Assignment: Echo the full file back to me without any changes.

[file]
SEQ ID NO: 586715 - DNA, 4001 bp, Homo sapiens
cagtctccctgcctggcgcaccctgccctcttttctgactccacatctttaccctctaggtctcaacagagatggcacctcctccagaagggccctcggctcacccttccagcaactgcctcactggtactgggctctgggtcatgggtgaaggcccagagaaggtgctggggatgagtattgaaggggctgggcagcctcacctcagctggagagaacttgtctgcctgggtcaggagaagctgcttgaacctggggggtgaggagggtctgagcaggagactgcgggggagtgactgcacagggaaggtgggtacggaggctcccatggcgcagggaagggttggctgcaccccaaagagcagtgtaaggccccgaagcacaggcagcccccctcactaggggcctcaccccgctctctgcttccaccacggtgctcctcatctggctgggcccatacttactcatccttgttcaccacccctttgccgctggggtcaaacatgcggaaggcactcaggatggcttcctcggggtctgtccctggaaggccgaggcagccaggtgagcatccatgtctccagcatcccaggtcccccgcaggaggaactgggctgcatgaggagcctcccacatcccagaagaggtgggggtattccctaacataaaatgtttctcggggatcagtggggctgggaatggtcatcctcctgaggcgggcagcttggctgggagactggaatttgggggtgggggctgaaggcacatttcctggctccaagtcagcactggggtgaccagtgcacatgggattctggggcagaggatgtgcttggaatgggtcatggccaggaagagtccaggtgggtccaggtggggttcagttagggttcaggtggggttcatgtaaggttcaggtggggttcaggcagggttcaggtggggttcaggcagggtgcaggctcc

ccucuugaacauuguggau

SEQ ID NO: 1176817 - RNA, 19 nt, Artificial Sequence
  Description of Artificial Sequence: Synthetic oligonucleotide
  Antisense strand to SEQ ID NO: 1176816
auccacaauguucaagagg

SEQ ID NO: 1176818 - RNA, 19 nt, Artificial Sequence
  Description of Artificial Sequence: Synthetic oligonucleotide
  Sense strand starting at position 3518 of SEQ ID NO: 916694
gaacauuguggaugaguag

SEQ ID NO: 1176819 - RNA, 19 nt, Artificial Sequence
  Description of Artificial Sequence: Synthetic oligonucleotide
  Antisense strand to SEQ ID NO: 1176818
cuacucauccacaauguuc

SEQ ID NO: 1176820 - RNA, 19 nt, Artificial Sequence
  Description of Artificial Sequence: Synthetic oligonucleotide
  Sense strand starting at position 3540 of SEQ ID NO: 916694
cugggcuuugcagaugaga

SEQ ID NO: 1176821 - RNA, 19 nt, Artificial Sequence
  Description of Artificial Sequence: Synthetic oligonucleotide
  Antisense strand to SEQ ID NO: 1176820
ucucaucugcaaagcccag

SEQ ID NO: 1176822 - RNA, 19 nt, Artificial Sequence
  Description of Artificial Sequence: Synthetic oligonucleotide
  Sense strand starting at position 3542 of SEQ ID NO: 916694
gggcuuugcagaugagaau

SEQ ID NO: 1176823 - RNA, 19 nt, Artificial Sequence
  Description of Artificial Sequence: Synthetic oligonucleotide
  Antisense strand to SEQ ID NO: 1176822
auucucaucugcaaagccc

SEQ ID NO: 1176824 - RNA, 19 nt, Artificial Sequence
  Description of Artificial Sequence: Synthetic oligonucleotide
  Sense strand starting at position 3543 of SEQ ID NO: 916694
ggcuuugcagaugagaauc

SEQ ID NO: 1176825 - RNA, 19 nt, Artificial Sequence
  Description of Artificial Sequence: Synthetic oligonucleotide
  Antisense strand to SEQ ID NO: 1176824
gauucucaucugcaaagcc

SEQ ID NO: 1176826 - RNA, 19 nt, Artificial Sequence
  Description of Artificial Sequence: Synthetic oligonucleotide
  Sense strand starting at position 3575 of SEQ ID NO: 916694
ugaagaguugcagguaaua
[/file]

SEQ ID NO: 586715 - DNA, 4001 bp, Homo sapiens
cagtctccctgcctggcgcaccctgccctcttttctgactccacatctttaccctctaggtctcaacagagatggcacctcctccagaagggccctcggctcacccttccagcaactgcctcactggtactgggctctgggtcatgggtgaaggcccagagaaggtgctggggatgagtattgaaggggctgggcagcctcacctcagctggagagaacttgtctgcctgggtcaggagaagctgcttgaacctggggggtgaggagggtctgagcaggagactgcgggggagtgactgcacagggaaggtgggtacggaggctcccatggcgcagggaagggttggctgcaccccaaagagcagtgtaaggccccgaagcacaggcagcccccctcactaggggcctcaccccgctctctgcttccaccacggtgctcctcatctggctgggcccatacttactcatccttgttcaccacccctttgccgctggggtcaaacatgcggaaggcactcaggatggcttcctcggggtctgtccctggaaggccgaggcagccaggtgagcatccatgtctccagcatcccaggtcccccgcaggaggaactgggctgcatgaggagcctcccacatcccagaagaggtgggggtattccctaacataaaatgtttctcggggatcagtggggctgggaatggtcatcctcctgaggcgggcagcttggctgggagactggaatttgggggtgggggctgaaggcacatttcctggctccaagtcagcactggggtgaccagtgcacatgggattctggggcagaggatgtgcttggaatgggtcatggccaggaagagtccaggtgggtccaggtggggttcagttagggttcaggtggggttcatgtaaggttcaggtggggttcaggcagggttcaggtggggttcaggcagggtgcaggctcc

ccucuugaacauuguggau

SEQ ID NO: 1176817 - RNA, 19 nt, Artificial Sequence
  Description of Artificial Sequence: Synthetic oligonucleotide
  Antisense strand to SEQ ID NO: 1176816
auccacaauguucaagagg

SEQ ID NO: 1176818 - RNA, 19 nt, Artificial Sequence
  Description of Artificial Sequence: Synthetic oligonucleotide
  Sense strand starting at position 3518 of SEQ ID NO: 916694
gaacauuguggaugaguag

SEQ ID NO: 1176819 - RNA, 19 nt, Artificial Sequence
  Description of Artificial Sequence: Synthetic oligonucleotide
  Antisense strand to SEQ ID NO: 1176818
cuacucauccacaauguuc

SEQ ID NO: 1176820 - RNA, 19 nt, Artificial Sequence
  Description of Artificial Sequence: Synthetic oligonucleotide
  Sense strand starting at position 3540 of SEQ ID NO: 916694
cugggcuuugcagaugaga

SEQ ID NO: 1176821 - RNA, 19 nt, Artificial Sequence
  Description of Artificial Sequence: Synthetic oligonucleotide
  Antisense strand to SEQ ID NO: 1176820
ucucaucugcaaagcccag

SEQ ID NO: 1176822 - RNA, 19 nt, Artificial Sequence
  Description of Artificial Sequence: Synthetic oligonucleotide
  Sense strand starting at position 3542 of SEQ ID NO: 916694
gggcuuugcagaugagaau

SEQ ID NO: 1176823 - RNA, 19 nt, Artificial Sequence
  Description of Artificial Sequence: Synthetic oligonucleotide
  Antisense strand to SEQ ID NO: 1176822
auucucaucugcaaagccc

SEQ ID NO: 1176824 - RNA, 19 nt, Artificial Sequence
  Description of Artificial Sequence: Synthetic oligonucleotide
  Sense strand starting at position 3543 of SEQ ID NO: 916694
ggcuuugcagaugagaauc

SEQ ID NO: 1176825 - RNA, 19 nt, Artificial Sequence
  Description of Artificial Sequence: Synthetic oligonucleotide
  Antisense strand to SEQ ID NO: 1176824
gauucucaucugcaaagcc

SEQ ID NO: 1176826 - RNA, 19 nt, Artificial Sequence
  Description of Artificial Sequence: Synthetic oligonucleotide
  Sense strand starting at position 3575 of SEQ ID NO: 916694
ugaagaguugcagguaaua